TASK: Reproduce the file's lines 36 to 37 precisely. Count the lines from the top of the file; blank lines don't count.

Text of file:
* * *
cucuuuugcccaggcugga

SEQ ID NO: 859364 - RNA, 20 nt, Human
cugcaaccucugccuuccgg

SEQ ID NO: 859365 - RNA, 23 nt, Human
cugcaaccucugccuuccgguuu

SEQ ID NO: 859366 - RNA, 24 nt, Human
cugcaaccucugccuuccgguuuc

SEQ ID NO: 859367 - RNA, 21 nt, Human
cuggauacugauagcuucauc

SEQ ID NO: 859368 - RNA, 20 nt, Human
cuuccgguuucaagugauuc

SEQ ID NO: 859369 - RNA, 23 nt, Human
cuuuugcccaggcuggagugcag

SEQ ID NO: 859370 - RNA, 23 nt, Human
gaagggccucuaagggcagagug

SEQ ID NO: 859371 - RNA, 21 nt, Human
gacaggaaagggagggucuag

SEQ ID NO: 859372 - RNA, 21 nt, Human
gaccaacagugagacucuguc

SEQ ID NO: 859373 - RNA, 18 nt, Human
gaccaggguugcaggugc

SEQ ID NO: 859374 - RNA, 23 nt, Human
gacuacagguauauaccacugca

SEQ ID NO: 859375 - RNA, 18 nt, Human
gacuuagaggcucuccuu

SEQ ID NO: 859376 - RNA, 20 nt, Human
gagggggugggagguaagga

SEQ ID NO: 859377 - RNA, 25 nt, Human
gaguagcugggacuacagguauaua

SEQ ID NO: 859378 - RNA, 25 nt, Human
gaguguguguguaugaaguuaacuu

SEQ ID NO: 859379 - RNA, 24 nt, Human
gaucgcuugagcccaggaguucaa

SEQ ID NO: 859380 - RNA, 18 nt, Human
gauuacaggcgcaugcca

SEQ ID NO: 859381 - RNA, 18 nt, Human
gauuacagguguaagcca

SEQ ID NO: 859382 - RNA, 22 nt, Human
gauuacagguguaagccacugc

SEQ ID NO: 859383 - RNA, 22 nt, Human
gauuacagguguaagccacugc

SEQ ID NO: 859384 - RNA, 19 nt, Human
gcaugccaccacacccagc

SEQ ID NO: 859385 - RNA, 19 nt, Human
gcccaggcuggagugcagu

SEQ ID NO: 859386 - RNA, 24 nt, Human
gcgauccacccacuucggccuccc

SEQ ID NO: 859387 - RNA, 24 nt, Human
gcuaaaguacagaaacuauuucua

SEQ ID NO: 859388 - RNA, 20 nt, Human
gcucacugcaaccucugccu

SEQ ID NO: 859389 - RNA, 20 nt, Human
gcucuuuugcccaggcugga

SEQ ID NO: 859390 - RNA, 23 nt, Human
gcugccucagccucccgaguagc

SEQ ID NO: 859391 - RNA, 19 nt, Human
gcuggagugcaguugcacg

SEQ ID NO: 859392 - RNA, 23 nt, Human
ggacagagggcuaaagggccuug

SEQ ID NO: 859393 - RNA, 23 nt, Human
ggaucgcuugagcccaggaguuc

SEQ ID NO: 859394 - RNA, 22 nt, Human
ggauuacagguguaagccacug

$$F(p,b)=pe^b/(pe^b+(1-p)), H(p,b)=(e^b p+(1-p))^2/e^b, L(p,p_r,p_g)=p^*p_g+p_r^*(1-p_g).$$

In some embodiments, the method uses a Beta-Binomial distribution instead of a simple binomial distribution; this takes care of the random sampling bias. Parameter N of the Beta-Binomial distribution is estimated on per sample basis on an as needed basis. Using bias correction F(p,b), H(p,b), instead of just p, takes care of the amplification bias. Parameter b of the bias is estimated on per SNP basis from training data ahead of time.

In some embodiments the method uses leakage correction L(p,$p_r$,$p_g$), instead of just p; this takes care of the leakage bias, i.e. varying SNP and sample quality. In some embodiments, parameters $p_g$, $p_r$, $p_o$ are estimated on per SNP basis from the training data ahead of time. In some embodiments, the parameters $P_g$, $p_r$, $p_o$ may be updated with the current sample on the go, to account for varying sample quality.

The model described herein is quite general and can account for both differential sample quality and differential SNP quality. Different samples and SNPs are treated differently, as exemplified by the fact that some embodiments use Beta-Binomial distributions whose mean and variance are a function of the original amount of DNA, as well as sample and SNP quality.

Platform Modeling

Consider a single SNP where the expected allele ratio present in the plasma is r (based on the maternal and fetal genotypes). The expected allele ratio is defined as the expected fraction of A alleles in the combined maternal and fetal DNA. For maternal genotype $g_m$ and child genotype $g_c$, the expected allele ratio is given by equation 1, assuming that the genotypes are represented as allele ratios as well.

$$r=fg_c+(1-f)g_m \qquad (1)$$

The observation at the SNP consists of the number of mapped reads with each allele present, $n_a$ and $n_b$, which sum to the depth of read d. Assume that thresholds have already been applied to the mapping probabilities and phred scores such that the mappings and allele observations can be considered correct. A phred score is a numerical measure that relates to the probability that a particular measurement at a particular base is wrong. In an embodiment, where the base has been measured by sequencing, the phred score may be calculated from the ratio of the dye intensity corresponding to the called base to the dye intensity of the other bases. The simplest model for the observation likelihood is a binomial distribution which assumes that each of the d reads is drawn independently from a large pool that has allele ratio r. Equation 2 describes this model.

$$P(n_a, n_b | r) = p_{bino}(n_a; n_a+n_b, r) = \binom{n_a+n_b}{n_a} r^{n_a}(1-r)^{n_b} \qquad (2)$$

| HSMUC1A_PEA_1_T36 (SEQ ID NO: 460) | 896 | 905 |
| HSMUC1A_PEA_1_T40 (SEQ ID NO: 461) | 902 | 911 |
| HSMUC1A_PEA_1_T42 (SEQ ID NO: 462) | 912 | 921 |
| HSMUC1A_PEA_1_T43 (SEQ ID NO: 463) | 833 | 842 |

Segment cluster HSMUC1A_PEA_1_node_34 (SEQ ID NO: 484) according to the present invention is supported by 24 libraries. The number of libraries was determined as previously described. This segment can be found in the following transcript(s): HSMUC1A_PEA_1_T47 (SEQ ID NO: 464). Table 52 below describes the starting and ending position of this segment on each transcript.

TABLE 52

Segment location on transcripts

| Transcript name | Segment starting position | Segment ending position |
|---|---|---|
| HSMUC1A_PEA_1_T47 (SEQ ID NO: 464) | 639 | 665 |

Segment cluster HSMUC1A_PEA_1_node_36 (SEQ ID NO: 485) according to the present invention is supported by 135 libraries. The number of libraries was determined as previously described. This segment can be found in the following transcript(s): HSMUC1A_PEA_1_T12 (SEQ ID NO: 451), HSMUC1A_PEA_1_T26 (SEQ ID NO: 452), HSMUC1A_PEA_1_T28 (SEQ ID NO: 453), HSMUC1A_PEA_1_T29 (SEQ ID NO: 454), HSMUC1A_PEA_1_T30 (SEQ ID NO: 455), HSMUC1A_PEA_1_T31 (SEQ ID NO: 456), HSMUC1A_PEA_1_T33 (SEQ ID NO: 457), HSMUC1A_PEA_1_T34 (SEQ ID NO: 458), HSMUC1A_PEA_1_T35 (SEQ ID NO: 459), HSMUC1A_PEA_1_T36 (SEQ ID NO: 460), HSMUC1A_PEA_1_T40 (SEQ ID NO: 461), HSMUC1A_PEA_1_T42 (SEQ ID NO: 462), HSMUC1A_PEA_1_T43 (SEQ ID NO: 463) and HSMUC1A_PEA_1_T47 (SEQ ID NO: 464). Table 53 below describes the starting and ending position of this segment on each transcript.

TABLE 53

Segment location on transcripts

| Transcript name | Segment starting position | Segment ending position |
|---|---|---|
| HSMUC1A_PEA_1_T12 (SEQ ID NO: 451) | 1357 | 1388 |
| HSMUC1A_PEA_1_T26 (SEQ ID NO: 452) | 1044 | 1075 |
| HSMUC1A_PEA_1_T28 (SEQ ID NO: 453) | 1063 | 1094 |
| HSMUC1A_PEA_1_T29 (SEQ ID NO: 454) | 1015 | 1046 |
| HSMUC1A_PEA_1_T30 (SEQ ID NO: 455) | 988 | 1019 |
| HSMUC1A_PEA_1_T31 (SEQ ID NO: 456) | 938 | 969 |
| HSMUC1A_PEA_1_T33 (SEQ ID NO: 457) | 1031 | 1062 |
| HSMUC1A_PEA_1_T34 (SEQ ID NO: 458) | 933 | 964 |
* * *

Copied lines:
SEQ ID NO: 859381 - RNA, 18 nt, Human
gauuacagguguaagcca